Lawrence City Commission to consider tax breaks for Heartland Community Health Center expansion
photo by: Photo courtesy of Dobski & Associates
City leaders will soon consider providing sales and property tax breaks for a building renovation that will allow for the expansion of a nonprofit health care provider.
As part of its meeting Tuesday, the Lawrence City Commission will consider an economic development assistance request from Alcove Development/T&M Properties LLC to redevelop the property at 1312 W. Sixth St. into the new location of Heartland Community Health Center. The clinic is requesting a $6.5 million sales tax exemption on construction materials and labor and a 10-year property tax abatement on the additional property value added by the redevelopment.
Heartland announced in February it had reached a deal to take over the building occupied by Anderson Rentals, 1312 W. Sixth St., with plans to rehabilitate the property, as the Journal-World reported. Heartland has historically played a big role in providing health care to uninsured and low-income residents, and the move to a larger space is expected to give Heartland more room to provide services for both uninsured and insured patients.
The clinic is currently operating out of a 12,000-square-foot building at 346 Maine St., and the clinic’s recent growth requires a larger facility to add providers, according to a city staff memo to the commission. The clinic has 88 employees and in 2019 served 7,342 patients, a 22% increase over the previous year.
“Heartland’s growth is no anomaly; we have seen double-digit growth each year since 2015, underscoring the need for high-quality, affordable, accessible health care in our community,” Heartland CEO Robyn Coventon said in a letter to the city.
Coventon’s letter also explains that Heartland uses a sliding fee scale where what a patient pays is correlated to their income. The letter says that on average, 45% of Heartland patients have no insurance, and that the clinic therefore has to keep its expenses as low as possible in everything it does, including the expansion project.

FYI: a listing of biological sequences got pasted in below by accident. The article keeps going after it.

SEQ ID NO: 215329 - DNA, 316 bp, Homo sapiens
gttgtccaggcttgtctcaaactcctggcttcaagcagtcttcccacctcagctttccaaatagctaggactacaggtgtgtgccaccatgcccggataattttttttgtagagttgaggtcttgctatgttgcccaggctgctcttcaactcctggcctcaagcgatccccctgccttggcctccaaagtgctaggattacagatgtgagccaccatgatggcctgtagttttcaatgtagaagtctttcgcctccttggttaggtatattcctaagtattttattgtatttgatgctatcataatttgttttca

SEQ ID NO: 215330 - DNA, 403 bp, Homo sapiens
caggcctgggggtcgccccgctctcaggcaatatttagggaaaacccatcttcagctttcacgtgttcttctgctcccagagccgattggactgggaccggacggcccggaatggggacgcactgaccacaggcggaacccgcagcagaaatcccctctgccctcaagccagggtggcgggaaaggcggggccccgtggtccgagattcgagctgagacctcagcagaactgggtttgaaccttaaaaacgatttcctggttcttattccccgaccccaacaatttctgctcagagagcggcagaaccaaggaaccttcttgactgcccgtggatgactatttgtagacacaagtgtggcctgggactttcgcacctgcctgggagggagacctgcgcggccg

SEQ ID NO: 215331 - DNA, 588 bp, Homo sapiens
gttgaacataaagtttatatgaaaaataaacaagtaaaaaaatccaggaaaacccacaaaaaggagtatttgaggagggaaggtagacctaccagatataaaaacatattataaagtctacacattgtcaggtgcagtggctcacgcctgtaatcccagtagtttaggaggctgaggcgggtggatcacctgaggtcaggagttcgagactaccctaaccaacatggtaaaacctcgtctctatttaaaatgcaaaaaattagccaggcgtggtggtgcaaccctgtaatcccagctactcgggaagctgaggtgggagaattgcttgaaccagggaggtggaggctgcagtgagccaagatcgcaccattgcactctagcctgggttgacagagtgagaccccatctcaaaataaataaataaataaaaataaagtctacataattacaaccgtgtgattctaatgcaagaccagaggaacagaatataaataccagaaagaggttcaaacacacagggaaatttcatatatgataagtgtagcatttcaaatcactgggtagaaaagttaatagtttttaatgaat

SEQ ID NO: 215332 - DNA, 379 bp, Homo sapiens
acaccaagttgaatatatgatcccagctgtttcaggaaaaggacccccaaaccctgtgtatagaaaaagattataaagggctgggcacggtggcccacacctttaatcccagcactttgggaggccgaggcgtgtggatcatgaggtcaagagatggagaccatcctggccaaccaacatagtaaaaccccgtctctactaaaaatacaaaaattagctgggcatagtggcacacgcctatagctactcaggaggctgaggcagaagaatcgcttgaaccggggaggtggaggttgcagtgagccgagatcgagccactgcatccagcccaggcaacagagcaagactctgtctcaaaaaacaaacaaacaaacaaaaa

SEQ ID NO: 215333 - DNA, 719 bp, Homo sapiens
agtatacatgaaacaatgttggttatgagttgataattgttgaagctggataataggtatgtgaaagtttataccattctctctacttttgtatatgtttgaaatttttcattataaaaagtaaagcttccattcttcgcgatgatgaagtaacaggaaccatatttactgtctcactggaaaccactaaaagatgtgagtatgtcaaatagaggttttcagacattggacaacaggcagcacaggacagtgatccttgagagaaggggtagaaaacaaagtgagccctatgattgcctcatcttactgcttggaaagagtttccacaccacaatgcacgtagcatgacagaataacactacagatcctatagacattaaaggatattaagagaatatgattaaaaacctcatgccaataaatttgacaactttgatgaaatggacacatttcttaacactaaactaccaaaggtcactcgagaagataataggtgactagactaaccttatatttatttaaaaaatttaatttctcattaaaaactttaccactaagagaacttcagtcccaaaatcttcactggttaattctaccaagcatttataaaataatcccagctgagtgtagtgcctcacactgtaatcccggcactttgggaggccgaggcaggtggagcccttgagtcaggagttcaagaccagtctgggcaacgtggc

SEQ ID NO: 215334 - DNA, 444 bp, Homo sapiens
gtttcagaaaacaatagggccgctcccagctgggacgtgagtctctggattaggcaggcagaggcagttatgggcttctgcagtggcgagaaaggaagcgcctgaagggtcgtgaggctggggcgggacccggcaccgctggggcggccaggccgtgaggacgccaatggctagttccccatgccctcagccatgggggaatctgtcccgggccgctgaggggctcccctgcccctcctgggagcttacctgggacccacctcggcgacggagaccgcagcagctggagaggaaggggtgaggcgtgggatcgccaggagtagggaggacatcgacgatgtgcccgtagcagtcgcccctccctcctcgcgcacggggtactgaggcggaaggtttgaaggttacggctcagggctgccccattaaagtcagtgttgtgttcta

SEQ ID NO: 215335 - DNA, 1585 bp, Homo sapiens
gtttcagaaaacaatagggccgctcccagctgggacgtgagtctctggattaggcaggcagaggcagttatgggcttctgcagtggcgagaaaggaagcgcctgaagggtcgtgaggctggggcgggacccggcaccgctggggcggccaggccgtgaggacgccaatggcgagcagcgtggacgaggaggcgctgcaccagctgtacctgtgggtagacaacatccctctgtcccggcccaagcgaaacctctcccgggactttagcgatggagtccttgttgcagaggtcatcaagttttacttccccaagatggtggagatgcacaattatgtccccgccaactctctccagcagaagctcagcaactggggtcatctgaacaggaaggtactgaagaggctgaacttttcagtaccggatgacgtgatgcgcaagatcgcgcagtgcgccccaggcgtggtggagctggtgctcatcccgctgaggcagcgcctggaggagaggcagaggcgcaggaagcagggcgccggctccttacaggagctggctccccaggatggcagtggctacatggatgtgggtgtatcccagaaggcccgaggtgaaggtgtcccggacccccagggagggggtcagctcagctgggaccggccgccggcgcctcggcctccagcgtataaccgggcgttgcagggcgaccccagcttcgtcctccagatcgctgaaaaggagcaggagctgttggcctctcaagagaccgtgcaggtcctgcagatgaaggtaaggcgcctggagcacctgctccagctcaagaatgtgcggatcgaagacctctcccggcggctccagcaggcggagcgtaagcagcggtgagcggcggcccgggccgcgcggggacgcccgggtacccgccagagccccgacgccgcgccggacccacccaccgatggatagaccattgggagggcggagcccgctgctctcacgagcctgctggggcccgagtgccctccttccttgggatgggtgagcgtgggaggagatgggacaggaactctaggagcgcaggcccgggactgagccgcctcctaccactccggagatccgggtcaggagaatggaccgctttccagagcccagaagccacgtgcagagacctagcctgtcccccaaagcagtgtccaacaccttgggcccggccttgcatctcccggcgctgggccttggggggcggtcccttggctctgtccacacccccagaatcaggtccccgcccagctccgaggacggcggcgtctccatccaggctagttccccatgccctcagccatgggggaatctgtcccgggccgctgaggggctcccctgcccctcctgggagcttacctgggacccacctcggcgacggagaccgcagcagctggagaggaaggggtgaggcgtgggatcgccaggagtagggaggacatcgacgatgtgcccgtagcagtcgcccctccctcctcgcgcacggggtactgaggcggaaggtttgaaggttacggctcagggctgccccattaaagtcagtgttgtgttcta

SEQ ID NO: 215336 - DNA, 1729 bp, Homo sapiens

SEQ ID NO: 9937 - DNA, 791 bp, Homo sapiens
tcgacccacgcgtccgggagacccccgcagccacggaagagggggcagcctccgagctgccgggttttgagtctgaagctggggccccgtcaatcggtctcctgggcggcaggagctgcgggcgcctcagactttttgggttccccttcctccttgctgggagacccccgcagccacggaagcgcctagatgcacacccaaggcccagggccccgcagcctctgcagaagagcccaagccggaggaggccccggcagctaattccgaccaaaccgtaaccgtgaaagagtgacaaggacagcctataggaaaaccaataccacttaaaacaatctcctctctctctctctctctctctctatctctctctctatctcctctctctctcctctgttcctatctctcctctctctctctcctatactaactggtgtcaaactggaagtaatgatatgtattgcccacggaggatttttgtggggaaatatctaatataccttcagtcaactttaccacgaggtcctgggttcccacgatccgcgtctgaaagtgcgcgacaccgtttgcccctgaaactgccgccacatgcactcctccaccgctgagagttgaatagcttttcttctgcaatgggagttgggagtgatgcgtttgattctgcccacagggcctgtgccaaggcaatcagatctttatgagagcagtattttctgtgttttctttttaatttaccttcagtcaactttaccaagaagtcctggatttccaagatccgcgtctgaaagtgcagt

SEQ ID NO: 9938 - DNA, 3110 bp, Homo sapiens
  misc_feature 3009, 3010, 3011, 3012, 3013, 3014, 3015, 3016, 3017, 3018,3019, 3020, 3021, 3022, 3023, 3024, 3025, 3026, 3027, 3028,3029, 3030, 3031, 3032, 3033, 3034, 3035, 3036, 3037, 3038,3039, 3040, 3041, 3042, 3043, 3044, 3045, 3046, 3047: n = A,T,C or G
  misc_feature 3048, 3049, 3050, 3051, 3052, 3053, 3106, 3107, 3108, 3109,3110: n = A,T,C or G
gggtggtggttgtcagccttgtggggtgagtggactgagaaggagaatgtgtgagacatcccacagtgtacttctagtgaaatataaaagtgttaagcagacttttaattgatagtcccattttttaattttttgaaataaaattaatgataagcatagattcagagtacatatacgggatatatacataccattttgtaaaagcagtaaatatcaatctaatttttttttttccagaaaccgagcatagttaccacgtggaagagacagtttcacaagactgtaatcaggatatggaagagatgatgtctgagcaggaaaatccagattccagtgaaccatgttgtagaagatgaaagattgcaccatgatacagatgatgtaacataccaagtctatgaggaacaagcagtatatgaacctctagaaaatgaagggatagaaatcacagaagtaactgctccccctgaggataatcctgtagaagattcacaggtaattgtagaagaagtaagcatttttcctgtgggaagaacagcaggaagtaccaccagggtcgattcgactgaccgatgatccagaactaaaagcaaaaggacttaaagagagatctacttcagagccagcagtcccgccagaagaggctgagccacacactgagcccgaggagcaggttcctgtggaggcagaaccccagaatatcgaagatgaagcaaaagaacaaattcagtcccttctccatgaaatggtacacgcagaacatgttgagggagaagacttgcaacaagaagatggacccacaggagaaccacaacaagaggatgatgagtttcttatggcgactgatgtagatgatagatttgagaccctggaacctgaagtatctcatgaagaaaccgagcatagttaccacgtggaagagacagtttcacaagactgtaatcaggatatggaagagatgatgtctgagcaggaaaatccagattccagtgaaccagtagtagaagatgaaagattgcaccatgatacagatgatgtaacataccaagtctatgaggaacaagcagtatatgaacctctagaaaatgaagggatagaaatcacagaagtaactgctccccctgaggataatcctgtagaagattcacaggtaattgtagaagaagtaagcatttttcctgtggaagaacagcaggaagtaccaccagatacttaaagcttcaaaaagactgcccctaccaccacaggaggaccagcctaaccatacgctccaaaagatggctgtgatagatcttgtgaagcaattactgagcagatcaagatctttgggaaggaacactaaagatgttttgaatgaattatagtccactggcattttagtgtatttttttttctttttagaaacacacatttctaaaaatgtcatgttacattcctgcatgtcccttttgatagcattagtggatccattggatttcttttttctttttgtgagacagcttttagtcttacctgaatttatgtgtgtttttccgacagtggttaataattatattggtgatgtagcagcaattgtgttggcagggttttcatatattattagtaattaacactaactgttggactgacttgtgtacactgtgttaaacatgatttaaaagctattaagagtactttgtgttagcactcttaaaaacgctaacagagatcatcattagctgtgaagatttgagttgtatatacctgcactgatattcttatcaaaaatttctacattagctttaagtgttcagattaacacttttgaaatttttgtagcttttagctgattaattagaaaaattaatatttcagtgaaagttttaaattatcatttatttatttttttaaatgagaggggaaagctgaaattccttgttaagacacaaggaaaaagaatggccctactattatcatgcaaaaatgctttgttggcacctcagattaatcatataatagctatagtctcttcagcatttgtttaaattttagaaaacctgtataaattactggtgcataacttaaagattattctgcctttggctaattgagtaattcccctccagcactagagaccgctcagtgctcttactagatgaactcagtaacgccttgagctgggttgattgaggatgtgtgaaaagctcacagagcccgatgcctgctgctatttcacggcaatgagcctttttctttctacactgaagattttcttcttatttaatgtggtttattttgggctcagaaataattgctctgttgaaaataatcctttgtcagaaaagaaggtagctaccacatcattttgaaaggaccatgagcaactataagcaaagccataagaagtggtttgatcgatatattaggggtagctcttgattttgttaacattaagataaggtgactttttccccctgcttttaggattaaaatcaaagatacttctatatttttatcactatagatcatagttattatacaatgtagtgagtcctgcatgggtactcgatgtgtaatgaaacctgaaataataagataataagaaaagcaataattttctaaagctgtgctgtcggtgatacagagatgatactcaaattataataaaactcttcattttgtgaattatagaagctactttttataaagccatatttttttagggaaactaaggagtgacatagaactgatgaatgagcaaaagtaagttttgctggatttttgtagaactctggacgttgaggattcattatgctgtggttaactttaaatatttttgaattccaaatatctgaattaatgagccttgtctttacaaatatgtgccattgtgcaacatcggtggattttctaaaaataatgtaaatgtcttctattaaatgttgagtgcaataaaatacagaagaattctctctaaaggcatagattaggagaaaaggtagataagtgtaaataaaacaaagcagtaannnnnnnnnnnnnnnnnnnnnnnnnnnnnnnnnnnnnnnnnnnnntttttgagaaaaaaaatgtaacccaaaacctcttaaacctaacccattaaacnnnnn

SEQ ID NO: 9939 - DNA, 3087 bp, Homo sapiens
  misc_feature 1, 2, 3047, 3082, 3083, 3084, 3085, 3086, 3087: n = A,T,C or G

The new building will nearly double the space available. The proposed project calls for the complete renovation of the 23,000-square-foot building on Sixth Street. The renovation will add 14 dental operatories, offices for behavioral health and primary care providers, a pharmacy and an expanded food pantry. Those services will be in addition to the existing patient services already offered.
The development is requesting the issuance of up to $6.5 million in industrial revenue bonds, which will allow for the sales tax exemption on construction materials and labor. Also requested is a 10-year, 100% property tax abatement on the increase in assessed value of the renovated property, or an approximately 83% tax abatement of the total value of the completed project. The clinic is also requesting that the city waive the origination fee for the bonds.
City staff completed a cost-benefit analysis of the fiscal effects of the incentives, comparing 15 years of revenues and expenses for the project. Should the project be completed as predicted, the city staff analysis estimated a net public benefit of approximately $830,000 during that time frame. The city calculated a cost-benefit ratio of 1.44 for the project, meaning that for every dollar in incentives the project gets, the community will get $1.44 of public benefits. Normally, the city prefers that projects receiving incentives have a cost-benefit ratio of 1.25 or higher.
City staff is recommending the approval of incentives for the project, stating that the clinic is of great value to the community and provides enough benefits to the public to warrant approval of the request. The Public Incentives Review Committee also voted unanimously to recommend the request for approval.
The City Commission will convene virtually at 5:45 p.m. Tuesday with limited staff in place at City Hall, 6 E. Sixth St. The city has asked that residents participate in the meeting virtually if they are able to do so. A link to register for the Zoom meeting and directions to submit written public comment are included in the agenda that is available on the city’s website, lawrenceks.org.